Engineering Cynicism

Writerly Rant #32

Graffitiby Mikael Carlson, Author.

The United States of America has always been a nation of people possessing the ability to engineer great things. The Hoover Dam, Mount Rushmore, the Manhattan Project, Apollo moon landings, the Internet… the list goes on. Regardless of how we may view these (you can argue the merits of developing the atomic bomb, for example), the US is a country of doers. Well, we were, anyway.

Major achievements are hard to come by these days. We can argue that rebuilding the World Trade Center, formally the Liberty Tower if you chose to keep track of the name and design changes, may be one. Unfortunately, a nation responsible for wondrous inventions and feats of engineering epic in scale can only claim one brilliant accomplishment in the past decade – we have built a nation of cynics.

The Information Age is in full bloom, and the amount of data we are expected to process in a day far outweighs our human ability to do so. The quantity of information available to the world is so vast that it cannot even be absorbed, let alone analyzed. Take the news, for example. There are countless 24-hour news organizations competing for viewership, all inundating us with information regardless of its accuracy. We get our digest of the day’s events and issues from television, radio, the Internet, social media, and newspapers. We can access them on the move from mobile devices like our smartphones, tablet computers, and laptops. The deluge starts when we wake up and does not end until we go to sleep at night.

With our brains desperately trying to keep up with events in a rapidly changing world, it is no surprise that we don’t have the time to think about what we are reading, seeing, and hearing. We accept what we are told as truth without any critical examination of the source. We become subjugated by organizations presenting slanted opinions as news in an effort to advance an agenda. Whether we accept what they are saying comes down more to our ideological predisposition than a result of critical analysis.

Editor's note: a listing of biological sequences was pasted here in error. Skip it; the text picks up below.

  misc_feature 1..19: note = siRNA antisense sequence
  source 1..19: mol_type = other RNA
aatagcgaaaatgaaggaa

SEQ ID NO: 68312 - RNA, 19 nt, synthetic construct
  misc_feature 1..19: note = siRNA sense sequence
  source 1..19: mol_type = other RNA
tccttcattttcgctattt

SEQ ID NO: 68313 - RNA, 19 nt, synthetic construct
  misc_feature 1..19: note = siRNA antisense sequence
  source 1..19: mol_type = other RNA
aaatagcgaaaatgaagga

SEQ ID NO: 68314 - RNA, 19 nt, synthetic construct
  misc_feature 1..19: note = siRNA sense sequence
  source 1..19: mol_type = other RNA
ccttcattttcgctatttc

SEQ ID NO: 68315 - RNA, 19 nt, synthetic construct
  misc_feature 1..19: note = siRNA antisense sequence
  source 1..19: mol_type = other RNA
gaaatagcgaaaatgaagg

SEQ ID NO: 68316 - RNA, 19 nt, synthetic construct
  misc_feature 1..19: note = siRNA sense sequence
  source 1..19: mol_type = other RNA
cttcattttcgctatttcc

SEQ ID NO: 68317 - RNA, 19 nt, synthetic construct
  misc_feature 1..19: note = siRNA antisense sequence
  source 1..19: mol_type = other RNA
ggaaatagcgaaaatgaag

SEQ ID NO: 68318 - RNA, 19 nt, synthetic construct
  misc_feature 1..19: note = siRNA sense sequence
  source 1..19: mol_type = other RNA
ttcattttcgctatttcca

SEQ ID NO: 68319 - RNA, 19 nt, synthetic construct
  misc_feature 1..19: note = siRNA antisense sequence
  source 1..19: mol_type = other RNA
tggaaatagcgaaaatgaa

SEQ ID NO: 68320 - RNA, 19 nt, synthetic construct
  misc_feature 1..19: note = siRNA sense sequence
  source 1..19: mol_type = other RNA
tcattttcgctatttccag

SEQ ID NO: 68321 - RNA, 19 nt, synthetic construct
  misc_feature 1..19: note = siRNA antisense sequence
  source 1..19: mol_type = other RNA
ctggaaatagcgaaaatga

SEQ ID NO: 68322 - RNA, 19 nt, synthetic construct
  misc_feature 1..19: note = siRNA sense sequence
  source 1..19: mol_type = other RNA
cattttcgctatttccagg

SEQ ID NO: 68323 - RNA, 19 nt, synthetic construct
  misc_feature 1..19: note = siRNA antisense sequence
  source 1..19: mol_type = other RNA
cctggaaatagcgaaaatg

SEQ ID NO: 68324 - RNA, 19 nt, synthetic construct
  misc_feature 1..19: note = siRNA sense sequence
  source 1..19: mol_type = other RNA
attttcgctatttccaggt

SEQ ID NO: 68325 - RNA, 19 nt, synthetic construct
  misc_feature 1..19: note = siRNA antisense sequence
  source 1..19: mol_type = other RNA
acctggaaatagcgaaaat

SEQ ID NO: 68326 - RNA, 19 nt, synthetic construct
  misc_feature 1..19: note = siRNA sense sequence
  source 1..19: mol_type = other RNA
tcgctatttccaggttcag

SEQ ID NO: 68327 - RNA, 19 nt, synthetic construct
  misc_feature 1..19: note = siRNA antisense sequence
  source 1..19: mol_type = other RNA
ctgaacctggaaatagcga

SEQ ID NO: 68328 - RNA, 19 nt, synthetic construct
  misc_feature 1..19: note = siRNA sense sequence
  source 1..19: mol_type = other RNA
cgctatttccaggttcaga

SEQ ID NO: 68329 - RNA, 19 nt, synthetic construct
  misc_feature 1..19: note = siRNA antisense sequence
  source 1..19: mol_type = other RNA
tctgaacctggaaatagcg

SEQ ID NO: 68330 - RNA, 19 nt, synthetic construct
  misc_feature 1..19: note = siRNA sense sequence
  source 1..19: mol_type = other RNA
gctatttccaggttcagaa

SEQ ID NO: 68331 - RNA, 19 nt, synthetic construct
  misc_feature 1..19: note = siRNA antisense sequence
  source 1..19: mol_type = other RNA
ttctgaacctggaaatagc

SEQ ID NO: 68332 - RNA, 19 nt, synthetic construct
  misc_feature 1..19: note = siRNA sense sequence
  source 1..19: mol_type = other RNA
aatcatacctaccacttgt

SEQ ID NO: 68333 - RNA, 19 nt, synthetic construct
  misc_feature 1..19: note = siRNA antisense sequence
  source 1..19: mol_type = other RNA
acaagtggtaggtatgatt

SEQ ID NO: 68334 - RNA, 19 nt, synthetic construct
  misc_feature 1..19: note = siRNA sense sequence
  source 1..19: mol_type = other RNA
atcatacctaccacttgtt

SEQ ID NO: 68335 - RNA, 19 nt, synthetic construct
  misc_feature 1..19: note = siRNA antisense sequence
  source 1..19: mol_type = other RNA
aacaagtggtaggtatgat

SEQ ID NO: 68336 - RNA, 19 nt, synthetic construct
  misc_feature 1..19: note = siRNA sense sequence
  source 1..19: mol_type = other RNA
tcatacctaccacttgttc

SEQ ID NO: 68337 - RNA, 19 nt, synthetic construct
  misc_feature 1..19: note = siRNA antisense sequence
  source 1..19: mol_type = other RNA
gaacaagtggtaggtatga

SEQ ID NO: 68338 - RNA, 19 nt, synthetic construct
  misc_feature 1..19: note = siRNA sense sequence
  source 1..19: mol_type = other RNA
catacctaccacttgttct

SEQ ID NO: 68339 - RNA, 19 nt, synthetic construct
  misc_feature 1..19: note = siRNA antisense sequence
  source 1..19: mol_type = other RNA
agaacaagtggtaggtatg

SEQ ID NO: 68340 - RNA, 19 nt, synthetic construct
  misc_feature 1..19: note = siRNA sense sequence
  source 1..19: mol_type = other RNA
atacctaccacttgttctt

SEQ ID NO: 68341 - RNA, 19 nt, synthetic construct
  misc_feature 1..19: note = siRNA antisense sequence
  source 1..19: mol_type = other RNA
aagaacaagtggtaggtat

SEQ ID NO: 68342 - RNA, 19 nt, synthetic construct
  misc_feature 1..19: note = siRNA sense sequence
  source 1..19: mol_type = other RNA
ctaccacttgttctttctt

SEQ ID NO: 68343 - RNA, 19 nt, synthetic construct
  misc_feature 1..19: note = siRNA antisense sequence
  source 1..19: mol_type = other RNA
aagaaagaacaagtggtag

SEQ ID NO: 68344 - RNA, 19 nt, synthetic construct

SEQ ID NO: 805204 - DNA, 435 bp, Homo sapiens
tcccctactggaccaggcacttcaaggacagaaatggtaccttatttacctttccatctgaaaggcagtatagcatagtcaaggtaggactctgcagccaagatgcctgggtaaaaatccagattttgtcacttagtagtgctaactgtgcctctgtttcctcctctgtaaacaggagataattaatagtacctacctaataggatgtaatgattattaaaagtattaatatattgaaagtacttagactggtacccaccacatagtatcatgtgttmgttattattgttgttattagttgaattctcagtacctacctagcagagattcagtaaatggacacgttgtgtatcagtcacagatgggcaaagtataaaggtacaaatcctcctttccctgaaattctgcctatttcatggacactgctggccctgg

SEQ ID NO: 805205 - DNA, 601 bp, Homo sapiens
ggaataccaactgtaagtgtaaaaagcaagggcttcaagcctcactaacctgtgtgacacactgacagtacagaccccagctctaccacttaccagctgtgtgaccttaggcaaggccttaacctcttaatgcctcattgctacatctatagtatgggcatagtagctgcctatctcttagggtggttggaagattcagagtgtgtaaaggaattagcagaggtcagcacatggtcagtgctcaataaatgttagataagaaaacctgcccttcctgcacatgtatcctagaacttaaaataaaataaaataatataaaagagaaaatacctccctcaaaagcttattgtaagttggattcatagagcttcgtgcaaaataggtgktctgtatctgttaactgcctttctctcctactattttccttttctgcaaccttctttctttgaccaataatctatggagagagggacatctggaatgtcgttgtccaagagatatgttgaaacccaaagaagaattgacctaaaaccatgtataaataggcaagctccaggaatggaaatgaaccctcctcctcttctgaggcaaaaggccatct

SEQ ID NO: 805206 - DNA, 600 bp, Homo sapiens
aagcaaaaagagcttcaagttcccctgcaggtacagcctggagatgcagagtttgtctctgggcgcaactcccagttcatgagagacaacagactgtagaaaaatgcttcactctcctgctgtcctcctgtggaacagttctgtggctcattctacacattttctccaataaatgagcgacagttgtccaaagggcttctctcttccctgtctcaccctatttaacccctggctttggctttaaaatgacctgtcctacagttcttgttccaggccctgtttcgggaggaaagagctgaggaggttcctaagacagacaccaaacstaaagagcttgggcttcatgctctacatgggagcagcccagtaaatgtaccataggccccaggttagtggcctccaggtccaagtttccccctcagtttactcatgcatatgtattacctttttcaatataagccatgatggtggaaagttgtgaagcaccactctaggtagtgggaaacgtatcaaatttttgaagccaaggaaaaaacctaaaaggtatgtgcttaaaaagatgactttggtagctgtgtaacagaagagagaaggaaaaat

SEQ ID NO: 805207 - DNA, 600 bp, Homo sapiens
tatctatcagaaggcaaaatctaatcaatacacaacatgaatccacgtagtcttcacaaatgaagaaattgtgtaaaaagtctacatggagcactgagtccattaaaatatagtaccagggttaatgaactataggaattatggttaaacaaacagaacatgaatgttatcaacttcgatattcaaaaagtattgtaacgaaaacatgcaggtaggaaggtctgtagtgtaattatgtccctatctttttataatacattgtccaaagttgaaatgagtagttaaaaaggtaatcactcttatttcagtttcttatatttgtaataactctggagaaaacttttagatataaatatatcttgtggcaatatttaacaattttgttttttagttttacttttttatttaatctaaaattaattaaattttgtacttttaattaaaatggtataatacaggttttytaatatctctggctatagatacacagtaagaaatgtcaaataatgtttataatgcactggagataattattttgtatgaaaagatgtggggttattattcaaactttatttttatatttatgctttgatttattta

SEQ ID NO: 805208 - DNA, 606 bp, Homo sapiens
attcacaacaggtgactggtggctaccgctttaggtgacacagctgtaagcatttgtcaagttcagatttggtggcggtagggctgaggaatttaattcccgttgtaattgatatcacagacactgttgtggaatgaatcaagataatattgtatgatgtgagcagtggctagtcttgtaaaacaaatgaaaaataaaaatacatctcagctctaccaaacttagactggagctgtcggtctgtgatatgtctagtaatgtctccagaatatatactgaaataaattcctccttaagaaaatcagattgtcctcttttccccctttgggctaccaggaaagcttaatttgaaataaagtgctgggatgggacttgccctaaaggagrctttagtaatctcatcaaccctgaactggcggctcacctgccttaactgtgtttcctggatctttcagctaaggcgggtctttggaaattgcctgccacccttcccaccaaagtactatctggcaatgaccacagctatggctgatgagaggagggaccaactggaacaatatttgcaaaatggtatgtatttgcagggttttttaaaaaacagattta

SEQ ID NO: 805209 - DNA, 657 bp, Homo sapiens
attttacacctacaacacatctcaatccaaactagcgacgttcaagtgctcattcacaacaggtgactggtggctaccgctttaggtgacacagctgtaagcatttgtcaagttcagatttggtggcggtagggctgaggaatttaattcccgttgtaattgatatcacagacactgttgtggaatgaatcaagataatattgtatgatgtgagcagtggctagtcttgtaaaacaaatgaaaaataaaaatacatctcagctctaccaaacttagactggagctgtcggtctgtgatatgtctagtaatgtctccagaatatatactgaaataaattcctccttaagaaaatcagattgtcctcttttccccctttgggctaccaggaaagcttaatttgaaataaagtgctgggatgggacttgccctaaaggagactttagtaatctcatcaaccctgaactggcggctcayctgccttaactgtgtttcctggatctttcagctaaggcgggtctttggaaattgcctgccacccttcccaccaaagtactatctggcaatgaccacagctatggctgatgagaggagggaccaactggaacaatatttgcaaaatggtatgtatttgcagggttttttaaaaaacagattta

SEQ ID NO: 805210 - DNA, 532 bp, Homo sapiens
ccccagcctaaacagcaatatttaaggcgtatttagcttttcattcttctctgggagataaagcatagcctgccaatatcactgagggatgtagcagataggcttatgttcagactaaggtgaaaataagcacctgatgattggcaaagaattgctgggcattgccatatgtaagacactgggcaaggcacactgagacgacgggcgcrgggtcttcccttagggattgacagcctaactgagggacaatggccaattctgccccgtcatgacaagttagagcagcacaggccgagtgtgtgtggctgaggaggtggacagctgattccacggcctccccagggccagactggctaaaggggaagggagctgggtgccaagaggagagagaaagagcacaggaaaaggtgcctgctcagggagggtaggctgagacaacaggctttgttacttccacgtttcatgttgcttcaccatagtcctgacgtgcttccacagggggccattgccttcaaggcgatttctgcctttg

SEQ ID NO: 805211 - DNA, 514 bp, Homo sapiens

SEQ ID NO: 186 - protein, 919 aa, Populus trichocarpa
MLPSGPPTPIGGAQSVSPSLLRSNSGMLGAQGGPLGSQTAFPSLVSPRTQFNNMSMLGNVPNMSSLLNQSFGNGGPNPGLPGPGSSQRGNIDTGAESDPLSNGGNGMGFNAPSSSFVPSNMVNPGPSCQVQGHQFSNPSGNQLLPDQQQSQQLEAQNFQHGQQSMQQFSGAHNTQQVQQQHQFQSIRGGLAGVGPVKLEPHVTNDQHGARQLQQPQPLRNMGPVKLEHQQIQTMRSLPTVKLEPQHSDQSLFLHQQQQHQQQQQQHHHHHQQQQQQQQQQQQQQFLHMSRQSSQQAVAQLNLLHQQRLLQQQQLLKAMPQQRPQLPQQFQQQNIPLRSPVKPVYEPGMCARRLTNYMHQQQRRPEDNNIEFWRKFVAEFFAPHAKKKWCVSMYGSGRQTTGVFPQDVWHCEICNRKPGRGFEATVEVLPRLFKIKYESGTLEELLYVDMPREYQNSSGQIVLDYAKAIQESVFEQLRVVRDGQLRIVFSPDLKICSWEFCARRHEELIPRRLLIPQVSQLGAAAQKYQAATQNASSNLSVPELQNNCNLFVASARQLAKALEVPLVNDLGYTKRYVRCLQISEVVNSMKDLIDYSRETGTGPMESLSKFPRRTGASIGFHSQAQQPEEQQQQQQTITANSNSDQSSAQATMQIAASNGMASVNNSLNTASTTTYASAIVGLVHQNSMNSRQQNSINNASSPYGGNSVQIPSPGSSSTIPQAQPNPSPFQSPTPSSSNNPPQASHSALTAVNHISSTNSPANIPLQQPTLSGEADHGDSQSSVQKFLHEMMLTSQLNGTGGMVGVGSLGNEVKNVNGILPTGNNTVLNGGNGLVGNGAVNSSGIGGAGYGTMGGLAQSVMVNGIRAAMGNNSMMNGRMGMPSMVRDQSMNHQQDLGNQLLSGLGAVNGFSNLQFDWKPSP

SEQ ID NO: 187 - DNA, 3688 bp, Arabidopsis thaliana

The result is a war between purveyors of information. Blogs, special interest groups, news organizations, and even the government often present us with conflicting facts about any host of important issues we face today. With so little time to digest what we read, hear and see, we now default to being cynical about anything not agreeing with our ideology without any reflective thought about the merit of the facts. We simply do not know who or what to believe anymore, so we reflexively don’t believe anything or anyone.

The result is modern day life: gridlock in government, issues with no solutions, politicians with low approval ratings, divisive and bitter partisan bickering, and an America with no sense of direction or urgency. Worst of all, we, as citizens, feel powerless to do anything about it. As the Information Age continues to spray data at us through a fire hose, we are using the bricks of cynicism to build an impregnable wall around us for protection from the world outside. Collectively, these individual efforts are about the only national engineering achievement in the past decade.

Mikael CarlsonMikael Carlson is the author of the political fiction novels The iCandidate and The iCongressman. He is an eighteen-year veteran of the armed forces, served as a U.S. Army Paratrooper, and earned a Master of Arts in American History. Mikael currently lives in Connecticut.

Categories: Rants, Writerly Rants

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